If you’ve gotten into Forex trading, you may have encountered the term scalping. Perhaps you’ve even seen some brokers explicitly forbid using such tactics, which is sure to raise a few eyebrows. After all, if brokers are trying to stop traders from doing something, that means the strategy must be super effective, right? We might have to disappoint you since scalping, like any other trading method, has both its advantages and disadvantages.
While that might have dissuaded those looking for a magical always-win strategy from reading further, it would still do you well to learn about scalping. After all, if you’re still wrapping your head around trading, you should try as many strategies as you can. That will not only make your trading fundamentals more reliable but help you in developing your personal trading style. Experimentation is vital in the initial stages of trading, as it’s the only way to recognize your strengths and weaknesses.
But what is even scalping? It’s a fast-paced, reactive strategy that has traders making many small trades for incremental gains. It relies on getting a few pips worth of profit on each transaction while only holding positions for short periods. It works around the principles of smaller changes being more common and having smaller exposure, thus reducing risk.
So while a regular trader might hold a position for days or weeks, a scalper only maintains it for mere minutes. That results in scalpers sometimes making hundreds of trades per hour.
What do Scalpers Need?
Each trading strategy requires specific things from the brokerage rather than the trader. Scalping is no different, requiring that a broker has individual specifications while not having others. Because of the speed that scalpers require, for example, a brokerage needs to have quick execution times. Since scalping aims for even the tiniest motions for profit, your trades need to execute at near-instant speeds.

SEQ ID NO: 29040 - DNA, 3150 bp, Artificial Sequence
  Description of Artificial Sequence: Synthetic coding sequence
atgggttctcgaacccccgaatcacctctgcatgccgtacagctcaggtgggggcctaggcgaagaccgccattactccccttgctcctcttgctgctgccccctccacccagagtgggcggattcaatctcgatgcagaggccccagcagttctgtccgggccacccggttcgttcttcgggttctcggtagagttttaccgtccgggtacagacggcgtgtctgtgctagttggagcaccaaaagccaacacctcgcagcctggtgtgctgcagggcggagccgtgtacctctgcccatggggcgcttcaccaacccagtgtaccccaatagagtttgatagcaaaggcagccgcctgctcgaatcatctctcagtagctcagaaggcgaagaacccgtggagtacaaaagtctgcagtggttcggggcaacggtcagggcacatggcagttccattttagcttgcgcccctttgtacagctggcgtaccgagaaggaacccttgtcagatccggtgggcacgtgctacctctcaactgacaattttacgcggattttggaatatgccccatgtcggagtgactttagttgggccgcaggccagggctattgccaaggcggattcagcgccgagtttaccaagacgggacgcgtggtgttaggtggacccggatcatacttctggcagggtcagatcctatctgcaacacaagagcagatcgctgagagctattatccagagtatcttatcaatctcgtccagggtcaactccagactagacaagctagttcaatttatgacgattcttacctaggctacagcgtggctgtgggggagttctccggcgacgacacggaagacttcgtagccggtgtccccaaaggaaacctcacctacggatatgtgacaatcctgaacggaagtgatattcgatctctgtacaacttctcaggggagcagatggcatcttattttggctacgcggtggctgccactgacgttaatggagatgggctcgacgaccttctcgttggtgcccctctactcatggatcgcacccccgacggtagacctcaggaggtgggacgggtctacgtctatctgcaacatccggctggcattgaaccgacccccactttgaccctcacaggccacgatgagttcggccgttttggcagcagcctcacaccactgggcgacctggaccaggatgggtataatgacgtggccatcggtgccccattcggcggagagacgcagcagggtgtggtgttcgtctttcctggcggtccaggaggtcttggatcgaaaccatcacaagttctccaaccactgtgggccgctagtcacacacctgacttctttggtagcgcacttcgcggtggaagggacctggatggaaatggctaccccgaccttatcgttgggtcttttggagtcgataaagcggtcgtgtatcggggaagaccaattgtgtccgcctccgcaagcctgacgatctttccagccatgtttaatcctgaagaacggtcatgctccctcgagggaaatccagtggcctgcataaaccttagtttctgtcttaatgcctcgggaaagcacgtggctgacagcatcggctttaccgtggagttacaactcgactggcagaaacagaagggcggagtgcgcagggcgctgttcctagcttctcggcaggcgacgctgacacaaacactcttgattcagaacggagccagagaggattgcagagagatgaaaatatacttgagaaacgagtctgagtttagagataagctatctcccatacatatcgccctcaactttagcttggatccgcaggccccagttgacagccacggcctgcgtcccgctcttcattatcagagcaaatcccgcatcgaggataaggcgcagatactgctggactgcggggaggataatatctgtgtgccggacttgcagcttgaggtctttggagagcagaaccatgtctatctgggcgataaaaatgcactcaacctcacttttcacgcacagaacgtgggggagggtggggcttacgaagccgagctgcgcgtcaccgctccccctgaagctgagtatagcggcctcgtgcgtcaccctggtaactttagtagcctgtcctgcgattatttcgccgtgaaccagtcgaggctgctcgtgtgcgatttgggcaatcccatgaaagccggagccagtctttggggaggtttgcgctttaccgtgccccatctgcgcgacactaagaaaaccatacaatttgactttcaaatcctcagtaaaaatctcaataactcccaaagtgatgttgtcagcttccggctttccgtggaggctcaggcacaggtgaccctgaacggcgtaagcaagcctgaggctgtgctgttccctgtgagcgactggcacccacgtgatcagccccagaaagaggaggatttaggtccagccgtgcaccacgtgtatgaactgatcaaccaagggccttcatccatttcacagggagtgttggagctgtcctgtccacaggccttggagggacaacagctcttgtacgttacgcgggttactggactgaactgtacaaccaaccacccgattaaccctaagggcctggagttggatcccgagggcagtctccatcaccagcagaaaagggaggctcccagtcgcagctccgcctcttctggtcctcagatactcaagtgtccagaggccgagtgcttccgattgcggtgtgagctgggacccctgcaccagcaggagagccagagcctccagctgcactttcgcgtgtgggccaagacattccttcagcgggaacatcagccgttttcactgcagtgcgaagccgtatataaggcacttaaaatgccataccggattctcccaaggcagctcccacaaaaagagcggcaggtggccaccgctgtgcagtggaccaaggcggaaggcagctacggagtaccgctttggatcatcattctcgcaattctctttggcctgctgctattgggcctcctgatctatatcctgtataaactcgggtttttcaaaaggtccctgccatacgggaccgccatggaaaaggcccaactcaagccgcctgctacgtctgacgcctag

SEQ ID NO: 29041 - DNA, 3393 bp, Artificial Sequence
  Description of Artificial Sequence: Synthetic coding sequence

Likewise, since you’re relying on many small trades with incremental gains, you must avoid fees. Many brokerages integrate additional costs into their service as quick revenue-generators. For scalpers, that can spell disaster as their wins often get nullified by any further payment.
Lastly, scalpers usually go for low-spread assets as those increase accuracy. Technical requirements aren’t the only thing necessary for successful scalping, as traders also need to take some personal responsibility. Those that wish to become scalpers need to have quick reaction times, as the tactic requires immediate reactions for it to work. Even the smallest delay can turn a winning trade into a losing one, and you need to minimize the chances of that happening. Additionally, scalping requires at least a decent multi-tasking level, as you’ll be making many trades in short intervals.
When & How to Scalp
The great thing about scalping is that it can be used in any market, as long as spreads are tight. However, some situations are more beneficial than others. Assets with high liquidity and volatility, for example, are quite sought after by scalpers. That’s why many employ scalping strategies with Forex, as it’s known to be the asset class that best fits the description above.
But perhaps you’re looking for more specific guidance on what to do. There’s extensive literature on scalping that you can familiarize yourself with, and you should do so to find your own style. However, we’ll provide a few simple strategies traders can use to try their hand and see whether they enjoy scalping tactics.
Price and Volume Action
The strategy works around a fundamental principle in that volume changes often signify that prices will change as well. Namely, low volume usually indicates a momentary price trend reversal. Adversely, high trading volume means that the trend is relatively stable. Scalpers use that information to make their predictions and finalize their trades in the short volume-trend windows.
Naturally, the method requires immensely precise volume indicator tools, and it’s useful to have multiple open so you can cross-compare.
EMA Scalping Scalpers often use exponential moving indicators (EMAs) to aid them in their trades. Many think that those indicators are a great indicator of what you can expect the price to be. As with the previous tactic, precise tools are necessary, and using more than one is advised. The strategy itself is quite simple and only requires differentiating between bullish and bearish markets. In the former, you should buy when the price reaches the highest EMA, while in the latter, you should sell when the price and the lowest EMA meet.